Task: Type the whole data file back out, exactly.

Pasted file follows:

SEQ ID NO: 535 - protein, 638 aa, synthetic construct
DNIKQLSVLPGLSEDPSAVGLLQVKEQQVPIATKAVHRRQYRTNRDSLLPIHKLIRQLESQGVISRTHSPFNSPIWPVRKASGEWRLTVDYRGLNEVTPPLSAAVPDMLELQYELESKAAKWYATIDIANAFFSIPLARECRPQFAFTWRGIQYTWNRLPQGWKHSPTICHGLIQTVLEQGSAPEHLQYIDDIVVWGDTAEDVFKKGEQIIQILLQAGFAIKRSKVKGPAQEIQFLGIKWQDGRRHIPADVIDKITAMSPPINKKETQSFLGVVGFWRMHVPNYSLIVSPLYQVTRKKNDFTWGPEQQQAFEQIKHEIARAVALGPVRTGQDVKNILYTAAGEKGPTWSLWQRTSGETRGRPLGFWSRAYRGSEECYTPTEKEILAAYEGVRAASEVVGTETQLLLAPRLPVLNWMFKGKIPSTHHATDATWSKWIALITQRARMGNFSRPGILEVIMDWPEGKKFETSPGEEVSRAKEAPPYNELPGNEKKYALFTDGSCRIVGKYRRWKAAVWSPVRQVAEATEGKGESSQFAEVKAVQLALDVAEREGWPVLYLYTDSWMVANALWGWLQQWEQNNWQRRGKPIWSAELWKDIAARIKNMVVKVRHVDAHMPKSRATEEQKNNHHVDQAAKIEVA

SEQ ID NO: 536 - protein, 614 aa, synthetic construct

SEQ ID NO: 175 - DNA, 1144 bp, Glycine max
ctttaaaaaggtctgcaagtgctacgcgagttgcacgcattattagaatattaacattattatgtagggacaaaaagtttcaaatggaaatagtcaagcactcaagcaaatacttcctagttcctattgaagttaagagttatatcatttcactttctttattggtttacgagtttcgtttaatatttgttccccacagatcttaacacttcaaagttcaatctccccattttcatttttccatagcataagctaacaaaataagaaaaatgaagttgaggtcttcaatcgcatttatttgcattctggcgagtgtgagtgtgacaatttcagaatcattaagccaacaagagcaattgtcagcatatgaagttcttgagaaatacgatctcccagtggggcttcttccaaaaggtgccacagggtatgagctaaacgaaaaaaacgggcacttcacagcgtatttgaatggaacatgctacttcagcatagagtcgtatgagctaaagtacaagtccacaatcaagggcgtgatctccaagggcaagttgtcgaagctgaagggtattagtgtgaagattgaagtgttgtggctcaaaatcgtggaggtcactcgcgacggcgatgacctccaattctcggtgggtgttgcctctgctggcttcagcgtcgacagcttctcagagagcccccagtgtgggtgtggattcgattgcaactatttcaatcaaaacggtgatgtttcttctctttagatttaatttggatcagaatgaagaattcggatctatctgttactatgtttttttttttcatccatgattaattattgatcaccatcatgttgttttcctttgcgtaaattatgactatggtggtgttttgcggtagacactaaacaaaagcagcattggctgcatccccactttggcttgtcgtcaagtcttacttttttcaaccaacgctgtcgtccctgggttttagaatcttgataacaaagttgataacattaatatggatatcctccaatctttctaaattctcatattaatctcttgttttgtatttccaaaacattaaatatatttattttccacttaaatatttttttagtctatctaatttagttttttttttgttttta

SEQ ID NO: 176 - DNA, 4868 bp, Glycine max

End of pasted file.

SEQ ID NO: 535 - protein, 638 aa, synthetic construct
DNIKQLSVLPGLSEDPSAVGLLQVKEQQVPIATKAVHRRQYRTNRDSLLPIHKLIRQLESQGVISRTHSPFNSPIWPVRKASGEWRLTVDYRGLNEVTPPLSAAVPDMLELQYELESKAAKWYATIDIANAFFSIPLARECRPQFAFTWRGIQYTWNRLPQGWKHSPTICHGLIQTVLEQGSAPEHLQYIDDIVVWGDTAEDVFKKGEQIIQILLQAGFAIKRSKVKGPAQEIQFLGIKWQDGRRHIPADVIDKITAMSPPINKKETQSFLGVVGFWRMHVPNYSLIVSPLYQVTRKKNDFTWGPEQQQAFEQIKHEIARAVALGPVRTGQDVKNILYTAAGEKGPTWSLWQRTSGETRGRPLGFWSRAYRGSEECYTPTEKEILAAYEGVRAASEVVGTETQLLLAPRLPVLNWMFKGKIPSTHHATDATWSKWIALITQRARMGNFSRPGILEVIMDWPEGKKFETSPGEEVSRAKEAPPYNELPGNEKKYALFTDGSCRIVGKYRRWKAAVWSPVRQVAEATEGKGESSQFAEVKAVQLALDVAEREGWPVLYLYTDSWMVANALWGWLQQWEQNNWQRRGKPIWSAELWKDIAARIKNMVVKVRHVDAHMPKSRATEEQKNNHHVDQAAKIEVA

SEQ ID NO: 536 - protein, 614 aa, synthetic construct

SEQ ID NO: 175 - DNA, 1144 bp, Glycine max
ctttaaaaaggtctgcaagtgctacgcgagttgcacgcattattagaatattaacattattatgtagggacaaaaagtttcaaatggaaatagtcaagcactcaagcaaatacttcctagttcctattgaagttaagagttatatcatttcactttctttattggtttacgagtttcgtttaatatttgttccccacagatcttaacacttcaaagttcaatctccccattttcatttttccatagcataagctaacaaaataagaaaaatgaagttgaggtcttcaatcgcatttatttgcattctggcgagtgtgagtgtgacaatttcagaatcattaagccaacaagagcaattgtcagcatatgaagttcttgagaaatacgatctcccagtggggcttcttccaaaaggtgccacagggtatgagctaaacgaaaaaaacgggcacttcacagcgtatttgaatggaacatgctacttcagcatagagtcgtatgagctaaagtacaagtccacaatcaagggcgtgatctccaagggcaagttgtcgaagctgaagggtattagtgtgaagattgaagtgttgtggctcaaaatcgtggaggtcactcgcgacggcgatgacctccaattctcggtgggtgttgcctctgctggcttcagcgtcgacagcttctcagagagcccccagtgtgggtgtggattcgattgcaactatttcaatcaaaacggtgatgtttcttctctttagatttaatttggatcagaatgaagaattcggatctatctgttactatgtttttttttttcatccatgattaattattgatcaccatcatgttgttttcctttgcgtaaattatgactatggtggtgttttgcggtagacactaaacaaaagcagcattggctgcatccccactttggcttgtcgtcaagtcttacttttttcaaccaacgctgtcgtccctgggttttagaatcttgataacaaagttgataacattaatatggatatcctccaatctttctaaattctcatattaatctcttgttttgtatttccaaaacattaaatatatttattttccacttaaatatttttttagtctatctaatttagttttttttttgttttta

SEQ ID NO: 176 - DNA, 4868 bp, Glycine max